The philosophy of all-wheel drive “Subaru” states: all units, from engine pistons to the rear differential, must lie in the same plane. Hence, such advantages as a lowered center of gravity and almost imperceptible vibrations. One can argue whether this is really necessary, but the fact remains - all the engines of this company are opposed and have cylinders “lying on their sides” in the same plane with the crankshaft. And since European consumers increasingly prefer diesel, they had to start developing such an engine with an opposed layout - there’s simply nowhere to buy a finished one on the side.
In 2008, Legacy and Outback became the world's first mass-produced passenger cars with boxer diesel engines. It complies with Euro IV standards and is not only smooth in operation, but also atypical for a diesel engine with a fast response to the gas pedal - the inertia reduced due to the absence of balancing shafts affects. And what had to be changed in the gasoline engine, which served as the prototype of the novelty?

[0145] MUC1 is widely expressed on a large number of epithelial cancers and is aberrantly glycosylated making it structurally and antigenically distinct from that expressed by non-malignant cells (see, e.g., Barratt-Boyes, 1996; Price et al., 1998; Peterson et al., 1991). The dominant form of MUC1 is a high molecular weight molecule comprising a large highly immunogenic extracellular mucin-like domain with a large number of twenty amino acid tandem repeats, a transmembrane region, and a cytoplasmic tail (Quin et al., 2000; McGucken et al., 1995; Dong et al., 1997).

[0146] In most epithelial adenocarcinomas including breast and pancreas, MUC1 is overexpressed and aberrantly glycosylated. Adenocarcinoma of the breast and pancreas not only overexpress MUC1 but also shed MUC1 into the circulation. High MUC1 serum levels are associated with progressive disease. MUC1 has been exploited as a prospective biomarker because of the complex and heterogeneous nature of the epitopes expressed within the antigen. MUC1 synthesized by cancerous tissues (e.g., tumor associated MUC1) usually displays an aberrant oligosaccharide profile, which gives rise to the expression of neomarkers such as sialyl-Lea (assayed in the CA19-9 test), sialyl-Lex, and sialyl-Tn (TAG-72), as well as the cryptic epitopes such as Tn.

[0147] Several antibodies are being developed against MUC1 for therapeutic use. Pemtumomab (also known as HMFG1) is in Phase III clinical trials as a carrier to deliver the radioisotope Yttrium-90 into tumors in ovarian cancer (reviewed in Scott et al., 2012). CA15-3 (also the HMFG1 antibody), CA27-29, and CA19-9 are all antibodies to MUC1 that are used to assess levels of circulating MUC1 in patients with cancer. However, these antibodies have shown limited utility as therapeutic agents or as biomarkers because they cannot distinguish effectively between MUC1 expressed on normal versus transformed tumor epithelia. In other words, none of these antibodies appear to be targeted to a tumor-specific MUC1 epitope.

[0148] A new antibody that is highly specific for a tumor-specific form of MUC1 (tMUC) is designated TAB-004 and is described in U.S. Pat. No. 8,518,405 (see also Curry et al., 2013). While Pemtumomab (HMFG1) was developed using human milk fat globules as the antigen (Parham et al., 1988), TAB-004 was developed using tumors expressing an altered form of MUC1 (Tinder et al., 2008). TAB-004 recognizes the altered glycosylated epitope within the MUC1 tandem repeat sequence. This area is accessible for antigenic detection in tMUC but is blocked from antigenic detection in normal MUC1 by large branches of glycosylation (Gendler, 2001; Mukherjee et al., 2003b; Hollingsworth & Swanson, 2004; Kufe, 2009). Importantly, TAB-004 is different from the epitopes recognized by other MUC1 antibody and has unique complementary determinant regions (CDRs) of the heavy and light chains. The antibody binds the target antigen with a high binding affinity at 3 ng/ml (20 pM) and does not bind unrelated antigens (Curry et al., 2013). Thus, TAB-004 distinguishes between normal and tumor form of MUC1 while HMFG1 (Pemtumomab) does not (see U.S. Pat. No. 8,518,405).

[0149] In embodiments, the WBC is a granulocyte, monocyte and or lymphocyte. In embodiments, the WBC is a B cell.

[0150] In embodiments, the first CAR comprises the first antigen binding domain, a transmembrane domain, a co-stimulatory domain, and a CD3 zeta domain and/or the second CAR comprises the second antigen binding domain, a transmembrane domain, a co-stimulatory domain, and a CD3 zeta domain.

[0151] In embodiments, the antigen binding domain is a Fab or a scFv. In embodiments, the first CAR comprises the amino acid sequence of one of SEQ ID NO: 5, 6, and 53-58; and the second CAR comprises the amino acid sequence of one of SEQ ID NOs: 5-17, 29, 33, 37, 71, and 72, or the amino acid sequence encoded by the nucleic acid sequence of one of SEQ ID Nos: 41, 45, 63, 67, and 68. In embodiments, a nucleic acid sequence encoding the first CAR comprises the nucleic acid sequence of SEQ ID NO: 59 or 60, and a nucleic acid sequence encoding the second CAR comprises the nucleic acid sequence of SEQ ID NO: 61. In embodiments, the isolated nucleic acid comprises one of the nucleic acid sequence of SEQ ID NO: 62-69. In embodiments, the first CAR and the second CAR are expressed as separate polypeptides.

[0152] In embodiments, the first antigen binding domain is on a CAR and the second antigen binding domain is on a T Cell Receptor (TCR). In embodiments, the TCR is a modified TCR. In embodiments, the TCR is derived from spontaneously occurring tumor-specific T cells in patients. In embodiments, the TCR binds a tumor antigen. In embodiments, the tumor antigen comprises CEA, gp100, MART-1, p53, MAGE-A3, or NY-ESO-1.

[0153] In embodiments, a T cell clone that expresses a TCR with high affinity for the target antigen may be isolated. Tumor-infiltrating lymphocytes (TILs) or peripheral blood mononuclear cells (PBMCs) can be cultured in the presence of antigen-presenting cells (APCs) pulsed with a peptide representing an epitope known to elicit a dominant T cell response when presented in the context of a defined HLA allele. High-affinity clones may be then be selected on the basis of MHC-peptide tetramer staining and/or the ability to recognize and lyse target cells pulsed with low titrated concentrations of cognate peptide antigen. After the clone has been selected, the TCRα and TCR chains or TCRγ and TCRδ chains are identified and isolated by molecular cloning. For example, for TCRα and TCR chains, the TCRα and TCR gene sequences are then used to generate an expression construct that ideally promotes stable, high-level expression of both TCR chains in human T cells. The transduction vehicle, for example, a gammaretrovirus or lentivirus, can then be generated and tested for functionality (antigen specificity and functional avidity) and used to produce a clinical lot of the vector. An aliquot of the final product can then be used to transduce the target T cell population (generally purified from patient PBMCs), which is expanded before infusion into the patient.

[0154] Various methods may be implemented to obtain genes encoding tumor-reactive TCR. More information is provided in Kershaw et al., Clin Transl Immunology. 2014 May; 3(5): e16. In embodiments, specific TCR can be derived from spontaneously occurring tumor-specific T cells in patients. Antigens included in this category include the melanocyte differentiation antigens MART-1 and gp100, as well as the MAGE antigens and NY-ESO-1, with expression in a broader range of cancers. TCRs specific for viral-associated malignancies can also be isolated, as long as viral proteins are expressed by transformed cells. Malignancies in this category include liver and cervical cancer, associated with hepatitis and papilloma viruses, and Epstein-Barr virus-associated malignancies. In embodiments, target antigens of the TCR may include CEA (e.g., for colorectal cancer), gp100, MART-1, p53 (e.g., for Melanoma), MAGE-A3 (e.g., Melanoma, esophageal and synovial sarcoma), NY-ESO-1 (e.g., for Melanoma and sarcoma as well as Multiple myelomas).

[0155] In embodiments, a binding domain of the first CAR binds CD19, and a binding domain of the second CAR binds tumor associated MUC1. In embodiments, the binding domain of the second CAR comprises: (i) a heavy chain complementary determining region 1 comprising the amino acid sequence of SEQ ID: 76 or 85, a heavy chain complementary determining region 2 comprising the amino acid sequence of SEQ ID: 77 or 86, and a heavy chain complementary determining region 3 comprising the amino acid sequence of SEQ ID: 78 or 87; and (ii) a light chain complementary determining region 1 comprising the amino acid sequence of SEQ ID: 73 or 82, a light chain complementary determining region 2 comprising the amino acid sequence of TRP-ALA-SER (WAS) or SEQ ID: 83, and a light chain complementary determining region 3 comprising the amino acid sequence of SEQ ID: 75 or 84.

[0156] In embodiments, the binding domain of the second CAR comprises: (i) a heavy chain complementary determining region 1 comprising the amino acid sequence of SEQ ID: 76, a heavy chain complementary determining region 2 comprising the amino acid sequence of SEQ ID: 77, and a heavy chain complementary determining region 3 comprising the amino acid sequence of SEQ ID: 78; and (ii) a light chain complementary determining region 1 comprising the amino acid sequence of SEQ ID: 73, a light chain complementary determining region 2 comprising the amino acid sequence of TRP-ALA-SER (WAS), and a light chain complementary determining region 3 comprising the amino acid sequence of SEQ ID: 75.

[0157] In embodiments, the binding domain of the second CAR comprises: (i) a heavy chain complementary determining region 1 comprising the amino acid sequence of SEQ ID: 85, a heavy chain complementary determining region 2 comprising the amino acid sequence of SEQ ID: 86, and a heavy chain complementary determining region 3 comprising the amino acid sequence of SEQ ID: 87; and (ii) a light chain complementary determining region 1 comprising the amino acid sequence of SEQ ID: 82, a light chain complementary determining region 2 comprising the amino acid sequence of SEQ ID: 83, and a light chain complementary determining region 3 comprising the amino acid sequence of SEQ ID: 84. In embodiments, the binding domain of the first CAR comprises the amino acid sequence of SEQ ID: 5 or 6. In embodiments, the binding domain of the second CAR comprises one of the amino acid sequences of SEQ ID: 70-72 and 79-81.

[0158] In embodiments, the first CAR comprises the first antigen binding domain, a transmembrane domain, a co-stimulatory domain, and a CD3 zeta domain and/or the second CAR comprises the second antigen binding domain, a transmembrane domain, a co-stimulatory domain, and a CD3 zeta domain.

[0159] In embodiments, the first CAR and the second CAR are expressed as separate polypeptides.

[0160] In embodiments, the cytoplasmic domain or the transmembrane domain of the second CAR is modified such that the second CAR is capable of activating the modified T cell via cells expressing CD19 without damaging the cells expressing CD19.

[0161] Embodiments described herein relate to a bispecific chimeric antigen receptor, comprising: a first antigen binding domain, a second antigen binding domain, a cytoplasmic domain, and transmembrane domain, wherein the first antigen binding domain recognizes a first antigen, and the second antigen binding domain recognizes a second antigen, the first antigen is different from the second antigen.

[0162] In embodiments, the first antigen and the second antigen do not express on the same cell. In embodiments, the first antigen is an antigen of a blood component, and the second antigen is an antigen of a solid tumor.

First of all, the cylinder block. The distance between the axes of the latter was reduced from 113 to 98.4 mm, as on gasoline “sixes, ” which did not hinder the placement of cooling channels between the cylinders. The piston stroke increased by 11 mm, and the cylinder diameter, in contrast, decreased by 6 mm. As a result, the entire block became 60 mm shorter compared to gasoline 2-liter engines.
The increased pressure in the combustion chamber forced not only to make the pistons out of a more durable material, but also to organize oil cooling specially for them. Of course, the gas distribution in the head has also changed dramatically, and in the camshaft drive the chain replaced the belt.